Evaluating Your Chlorination System

Aug. 18, 2003
Tablet Chlorination Proves a Viable Alternative

About the author: Carl Hammonds is founder and president for the Houston-based Hammonds Companies, Inc., a manufacturer of tablet water chlorination systems. Hammonds introduced the concept of factory engineered tablet chlorination systems to the industry during the mid-1990's as a sole source manufacturer for PPG Industries, Inc. In October 2000, Hammonds unveiled its own next-generation advanced technology tablet chlorination system.


Water chlorination has been one of the greatest innovations of the last century. The technology not only has made our drinking water safe, it has provided effective water purification for a multitude of other industries.

Yet, while chlorination is a hero in many ways, as with any chemical, there are considerations to be made regarding its application. This article will focus on three popular forms of chlorine: gas, sodium hypochlorite and dry calcium hypochlorite tablets. Each has advantages and disadvantages relative to cost, convenience, effectiveness, storage and regulatory issues. A look at the pros and cons of each can answer many questions about what's right for your application.

Chlorine Gas

The good news about chlorine gas is that it is relatively inexpensive and doesn't produce byproducts such as chlorite or chlorate ions. For companies, small municipalities and small systems concerned about budgets, chlorine gas is very attractive. Yet, that's where most of its "pros" end. Two disadvantages of chlorine gas are toxicity and corrosiveness.

A more serious disadvantage of gaseous chlorine is the total cost of handling and operating safety. Federal regulations limit the amount of gas that can be stored at a single location without extensive provisions to contain potential leaks. On-site storage of large quantities of gas must be enclosed in and protected by systems called "scrubbers," which have the ability to contain and neutralize gas in the event of a leak. Scrubbers are costly to purchase and install and require regular maintenance. In addition, operators must have an emergency response plan in place. Such plans usually are authored by an engineering firm following a careful study of the operator's overall operation. Costs can mount quickly.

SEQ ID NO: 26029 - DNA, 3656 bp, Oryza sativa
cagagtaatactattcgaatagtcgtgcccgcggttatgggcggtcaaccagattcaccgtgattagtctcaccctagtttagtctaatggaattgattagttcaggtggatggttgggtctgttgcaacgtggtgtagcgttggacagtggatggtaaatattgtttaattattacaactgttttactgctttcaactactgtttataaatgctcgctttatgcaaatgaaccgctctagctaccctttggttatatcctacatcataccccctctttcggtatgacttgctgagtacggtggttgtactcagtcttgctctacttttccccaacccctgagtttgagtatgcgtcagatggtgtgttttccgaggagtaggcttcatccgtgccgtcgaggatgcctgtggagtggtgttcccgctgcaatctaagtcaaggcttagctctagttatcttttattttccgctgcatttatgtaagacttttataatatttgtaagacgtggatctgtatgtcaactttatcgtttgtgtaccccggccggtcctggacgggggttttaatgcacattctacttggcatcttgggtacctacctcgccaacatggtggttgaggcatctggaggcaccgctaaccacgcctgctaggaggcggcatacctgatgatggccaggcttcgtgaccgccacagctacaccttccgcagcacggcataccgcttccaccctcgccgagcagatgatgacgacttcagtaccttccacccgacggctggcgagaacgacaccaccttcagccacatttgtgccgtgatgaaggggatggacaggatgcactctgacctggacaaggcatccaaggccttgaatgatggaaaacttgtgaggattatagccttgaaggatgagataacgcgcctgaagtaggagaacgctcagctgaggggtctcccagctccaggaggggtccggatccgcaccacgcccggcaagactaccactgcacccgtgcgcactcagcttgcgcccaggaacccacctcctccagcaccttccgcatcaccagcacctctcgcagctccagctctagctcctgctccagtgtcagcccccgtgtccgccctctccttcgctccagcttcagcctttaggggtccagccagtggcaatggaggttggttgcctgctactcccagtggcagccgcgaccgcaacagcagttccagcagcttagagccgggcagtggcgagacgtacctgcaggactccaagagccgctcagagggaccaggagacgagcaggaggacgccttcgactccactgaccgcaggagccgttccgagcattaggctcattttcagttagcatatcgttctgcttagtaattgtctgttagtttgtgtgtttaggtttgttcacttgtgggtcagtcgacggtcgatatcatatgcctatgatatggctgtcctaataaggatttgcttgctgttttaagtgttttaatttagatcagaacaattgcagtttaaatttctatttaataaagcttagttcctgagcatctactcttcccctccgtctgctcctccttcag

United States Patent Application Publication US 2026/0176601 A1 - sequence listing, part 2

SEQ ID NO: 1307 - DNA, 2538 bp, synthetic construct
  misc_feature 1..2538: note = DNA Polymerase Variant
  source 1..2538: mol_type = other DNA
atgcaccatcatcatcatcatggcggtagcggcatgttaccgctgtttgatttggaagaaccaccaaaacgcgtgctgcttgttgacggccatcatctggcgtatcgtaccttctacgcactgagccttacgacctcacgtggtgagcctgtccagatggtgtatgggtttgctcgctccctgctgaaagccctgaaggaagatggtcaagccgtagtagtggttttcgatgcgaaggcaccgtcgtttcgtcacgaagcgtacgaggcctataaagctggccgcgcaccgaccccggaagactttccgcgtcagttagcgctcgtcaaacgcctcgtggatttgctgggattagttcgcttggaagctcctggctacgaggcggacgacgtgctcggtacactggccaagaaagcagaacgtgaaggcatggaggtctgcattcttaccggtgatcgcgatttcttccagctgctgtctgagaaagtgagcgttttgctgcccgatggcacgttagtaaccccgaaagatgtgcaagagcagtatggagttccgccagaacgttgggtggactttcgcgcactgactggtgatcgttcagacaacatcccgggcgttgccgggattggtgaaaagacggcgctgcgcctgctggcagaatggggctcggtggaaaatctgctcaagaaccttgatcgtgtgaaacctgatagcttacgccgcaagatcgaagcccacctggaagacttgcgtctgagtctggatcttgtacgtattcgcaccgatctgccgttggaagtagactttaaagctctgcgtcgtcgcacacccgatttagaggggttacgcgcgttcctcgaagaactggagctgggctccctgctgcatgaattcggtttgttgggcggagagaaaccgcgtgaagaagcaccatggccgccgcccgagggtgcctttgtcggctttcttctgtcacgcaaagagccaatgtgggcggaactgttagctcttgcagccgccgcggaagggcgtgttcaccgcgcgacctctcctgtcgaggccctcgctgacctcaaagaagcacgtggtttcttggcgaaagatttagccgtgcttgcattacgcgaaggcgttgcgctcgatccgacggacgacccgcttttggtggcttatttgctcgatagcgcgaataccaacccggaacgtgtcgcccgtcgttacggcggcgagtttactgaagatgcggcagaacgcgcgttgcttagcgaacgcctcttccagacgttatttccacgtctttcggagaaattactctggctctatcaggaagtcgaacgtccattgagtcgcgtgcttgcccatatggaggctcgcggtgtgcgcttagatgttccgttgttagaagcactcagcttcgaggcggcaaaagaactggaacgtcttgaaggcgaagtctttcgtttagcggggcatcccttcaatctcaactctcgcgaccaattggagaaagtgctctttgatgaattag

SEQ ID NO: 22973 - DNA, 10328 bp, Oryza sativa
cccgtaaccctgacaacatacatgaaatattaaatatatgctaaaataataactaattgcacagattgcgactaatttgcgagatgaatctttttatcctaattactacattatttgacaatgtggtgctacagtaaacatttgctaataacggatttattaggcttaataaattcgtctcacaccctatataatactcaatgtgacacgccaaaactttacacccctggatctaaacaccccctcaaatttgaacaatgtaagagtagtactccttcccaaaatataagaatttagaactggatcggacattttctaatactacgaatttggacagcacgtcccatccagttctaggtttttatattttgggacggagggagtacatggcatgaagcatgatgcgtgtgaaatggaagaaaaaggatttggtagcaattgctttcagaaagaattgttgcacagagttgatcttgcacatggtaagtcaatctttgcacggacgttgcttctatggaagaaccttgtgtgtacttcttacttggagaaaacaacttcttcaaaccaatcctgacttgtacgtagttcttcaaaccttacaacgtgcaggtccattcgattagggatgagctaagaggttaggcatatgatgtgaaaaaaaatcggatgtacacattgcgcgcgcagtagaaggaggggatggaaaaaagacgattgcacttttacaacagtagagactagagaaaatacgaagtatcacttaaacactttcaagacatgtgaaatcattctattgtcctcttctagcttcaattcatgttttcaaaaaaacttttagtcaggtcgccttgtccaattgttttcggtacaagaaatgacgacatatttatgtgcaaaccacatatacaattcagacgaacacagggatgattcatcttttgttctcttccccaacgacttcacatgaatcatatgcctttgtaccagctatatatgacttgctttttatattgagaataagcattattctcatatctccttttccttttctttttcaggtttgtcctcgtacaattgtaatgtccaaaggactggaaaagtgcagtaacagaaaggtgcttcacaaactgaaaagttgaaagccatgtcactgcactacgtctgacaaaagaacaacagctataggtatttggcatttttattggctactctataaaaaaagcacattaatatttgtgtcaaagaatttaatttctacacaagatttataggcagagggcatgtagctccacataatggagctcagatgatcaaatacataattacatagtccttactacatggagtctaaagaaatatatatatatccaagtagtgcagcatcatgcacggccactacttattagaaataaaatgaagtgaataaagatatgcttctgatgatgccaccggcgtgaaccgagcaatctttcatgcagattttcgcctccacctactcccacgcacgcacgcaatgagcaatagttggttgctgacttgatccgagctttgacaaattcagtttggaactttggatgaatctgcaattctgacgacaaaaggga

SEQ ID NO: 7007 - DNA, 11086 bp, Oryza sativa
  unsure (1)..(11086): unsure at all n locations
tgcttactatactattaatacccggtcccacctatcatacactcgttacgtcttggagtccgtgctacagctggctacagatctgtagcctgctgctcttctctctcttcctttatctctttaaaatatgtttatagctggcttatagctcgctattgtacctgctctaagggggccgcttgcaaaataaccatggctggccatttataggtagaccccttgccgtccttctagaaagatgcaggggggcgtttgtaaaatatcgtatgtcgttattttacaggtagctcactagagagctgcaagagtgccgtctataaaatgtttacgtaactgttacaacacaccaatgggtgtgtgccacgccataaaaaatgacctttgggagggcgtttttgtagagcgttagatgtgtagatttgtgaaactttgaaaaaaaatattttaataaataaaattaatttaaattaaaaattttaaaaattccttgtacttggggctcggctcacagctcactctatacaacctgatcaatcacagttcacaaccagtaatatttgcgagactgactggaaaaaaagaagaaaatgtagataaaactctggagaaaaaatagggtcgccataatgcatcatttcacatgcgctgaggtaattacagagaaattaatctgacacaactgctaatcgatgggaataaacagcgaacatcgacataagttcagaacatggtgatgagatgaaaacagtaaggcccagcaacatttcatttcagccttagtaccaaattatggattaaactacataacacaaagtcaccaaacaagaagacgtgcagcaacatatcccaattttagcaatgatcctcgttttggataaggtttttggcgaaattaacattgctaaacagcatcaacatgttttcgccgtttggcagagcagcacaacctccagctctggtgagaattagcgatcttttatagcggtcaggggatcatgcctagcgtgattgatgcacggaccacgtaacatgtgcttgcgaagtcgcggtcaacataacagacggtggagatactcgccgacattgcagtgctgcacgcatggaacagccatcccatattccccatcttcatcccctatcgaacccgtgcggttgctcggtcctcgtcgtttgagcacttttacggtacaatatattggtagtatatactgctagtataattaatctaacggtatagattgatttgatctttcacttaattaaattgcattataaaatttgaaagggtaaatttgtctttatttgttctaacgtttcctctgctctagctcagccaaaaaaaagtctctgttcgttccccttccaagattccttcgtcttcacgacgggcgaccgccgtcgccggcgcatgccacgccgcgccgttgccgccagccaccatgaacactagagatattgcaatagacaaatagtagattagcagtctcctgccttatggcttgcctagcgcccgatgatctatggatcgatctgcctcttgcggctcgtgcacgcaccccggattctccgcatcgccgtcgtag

Other maintenance costs include frequent overhauls of regulators and the requirement to wear protective breathing gear when handling containers or providing maintenance on the systems even with the smallest installations.

Finally, a little-known cost associated with using chlorine gas is the record-keeping and reporting required. Such regulations have been imposed by the Occupational Safety and Health Administration (OSHA) and add to the labor costs of using chlorine gas. In short, the overall related costs of using chlorine gas can far outweigh the cost of the gas itself.

Sodium Hypochlorite (Bleach)

A second type of chlorine commonly used today is liquid sodium hypochlorite or bleach. At first glance, bleach seems like the perfect alternative to gas since it's relatively cheap, easy to apply and not nearly as lethal as gas. After all, it's just household bleach, right? Most everybody has that at home under their kitchen sink.

Liquid sodium hypochlorite also has several disadvantages. First and foremost, the product breaks down over time, losing efficacy and forming byproducts, which can add additional problems to solve. When you consider that residual injection rates are sometimes less than 1 part per million (ppm), continuous loss of chemical strength can be a real challenge in maintaining consistent residuals. It's like shooting at a moving target with bullets that are less than fully charged with gun powder. Constant corrections must be made to the injection rate in order to compensate for the steadily decreasing strength of the disinfectant. The breakdown of sodium hypochlorite depends on storage temperature and the presence of impurities in the concentrated product. A decomposition byproduct of sodium hypochlorite is sodium chlorate. For every 1 percent of hypochlorite lossed, 0.8 percent sodium chlorate is formed. Thus, if an 8 percent active hypochlorite product is used to provide six ppm of available chlorine in water, it also will deliver 1.5 ppm sodium chlorate.

Metering pumps and other injection components are vulnerable to corrosion. Since bleach is considered a hazardous chemical, containment at the treatment site is a consideration. Metering pumps typically are placed on top of containers, which requires lifting chemical to the pump. As bleach off-gasses, pumps often lose their prime causing the system to either fail entirely or pump inconsistently. Like chlorine gas, personnel working with this form of chlorine should receive safety training and wear proper protective clothing during handling. Employees working with the solution also take on the risk of physical injury in just handling the heavy drum containers. Companies using bleach also must pay careful attention to ambient temperatures and proximity to equipment susceptible to corrosion when storing the chemical. In addition, bleach never should be stored near acid products, since the reaction between acid and sodium hypochlorite will produce a potentially fatal chlorine gas.